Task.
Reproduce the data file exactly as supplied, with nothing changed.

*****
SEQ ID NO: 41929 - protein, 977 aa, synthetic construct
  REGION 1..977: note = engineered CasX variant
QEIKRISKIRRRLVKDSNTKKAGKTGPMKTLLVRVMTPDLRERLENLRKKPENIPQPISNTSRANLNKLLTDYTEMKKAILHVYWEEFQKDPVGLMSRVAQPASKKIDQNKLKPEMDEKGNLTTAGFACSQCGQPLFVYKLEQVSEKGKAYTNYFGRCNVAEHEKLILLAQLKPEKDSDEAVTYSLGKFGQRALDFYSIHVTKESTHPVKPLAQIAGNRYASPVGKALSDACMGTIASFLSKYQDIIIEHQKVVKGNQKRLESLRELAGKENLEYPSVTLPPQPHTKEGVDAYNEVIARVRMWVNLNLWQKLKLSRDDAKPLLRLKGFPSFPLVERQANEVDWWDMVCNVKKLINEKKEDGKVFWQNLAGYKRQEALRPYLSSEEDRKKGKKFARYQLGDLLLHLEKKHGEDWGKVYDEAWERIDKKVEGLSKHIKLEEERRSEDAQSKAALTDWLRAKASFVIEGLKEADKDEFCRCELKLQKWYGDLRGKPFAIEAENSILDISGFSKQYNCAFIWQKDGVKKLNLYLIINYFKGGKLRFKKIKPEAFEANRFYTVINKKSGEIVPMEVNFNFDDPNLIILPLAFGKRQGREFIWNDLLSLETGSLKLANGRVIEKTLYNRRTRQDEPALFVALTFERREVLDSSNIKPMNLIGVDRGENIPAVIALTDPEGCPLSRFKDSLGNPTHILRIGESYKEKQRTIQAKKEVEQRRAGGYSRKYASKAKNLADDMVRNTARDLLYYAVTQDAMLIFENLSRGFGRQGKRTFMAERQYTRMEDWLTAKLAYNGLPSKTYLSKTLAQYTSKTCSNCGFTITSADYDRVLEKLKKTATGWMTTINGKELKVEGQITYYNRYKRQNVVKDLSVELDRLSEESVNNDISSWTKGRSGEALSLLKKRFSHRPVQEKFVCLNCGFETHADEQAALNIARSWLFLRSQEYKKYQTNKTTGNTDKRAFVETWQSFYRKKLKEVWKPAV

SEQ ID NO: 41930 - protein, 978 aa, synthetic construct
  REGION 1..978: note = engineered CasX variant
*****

SEQ ID NO: 41929 - protein, 977 aa, synthetic construct
  REGION 1..977: note = engineered CasX variant
QEIKRISKIRRRLVKDSNTKKAGKTGPMKTLLVRVMTPDLRERLENLRKKPENIPQPISNTSRANLNKLLTDYTEMKKAILHVYWEEFQKDPVGLMSRVAQPASKKIDQNKLKPEMDEKGNLTTAGFACSQCGQPLFVYKLEQVSEKGKAYTNYFGRCNVAEHEKLILLAQLKPEKDSDEAVTYSLGKFGQRALDFYSIHVTKESTHPVKPLAQIAGNRYASPVGKALSDACMGTIASFLSKYQDIIIEHQKVVKGNQKRLESLRELAGKENLEYPSVTLPPQPHTKEGVDAYNEVIARVRMWVNLNLWQKLKLSRDDAKPLLRLKGFPSFPLVERQANEVDWWDMVCNVKKLINEKKEDGKVFWQNLAGYKRQEALRPYLSSEEDRKKGKKFARYQLGDLLLHLEKKHGEDWGKVYDEAWERIDKKVEGLSKHIKLEEERRSEDAQSKAALTDWLRAKASFVIEGLKEADKDEFCRCELKLQKWYGDLRGKPFAIEAENSILDISGFSKQYNCAFIWQKDGVKKLNLYLIINYFKGGKLRFKKIKPEAFEANRFYTVINKKSGEIVPMEVNFNFDDPNLIILPLAFGKRQGREFIWNDLLSLETGSLKLANGRVIEKTLYNRRTRQDEPALFVALTFERREVLDSSNIKPMNLIGVDRGENIPAVIALTDPEGCPLSRFKDSLGNPTHILRIGESYKEKQRTIQAKKEVEQRRAGGYSRKYASKAKNLADDMVRNTARDLLYYAVTQDAMLIFENLSRGFGRQGKRTFMAERQYTRMEDWLTAKLAYNGLPSKTYLSKTLAQYTSKTCSNCGFTITSADYDRVLEKLKKTATGWMTTINGKELKVEGQITYYNRYKRQNVVKDLSVELDRLSEESVNNDISSWTKGRSGEALSLLKKRFSHRPVQEKFVCLNCGFETHADEQAALNIARSWLFLRSQEYKKYQTNKTTGNTDKRAFVETWQSFYRKKLKEVWKPAV

SEQ ID NO: 41930 - protein, 978 aa, synthetic construct
  REGION 1..978: note = engineered CasX variant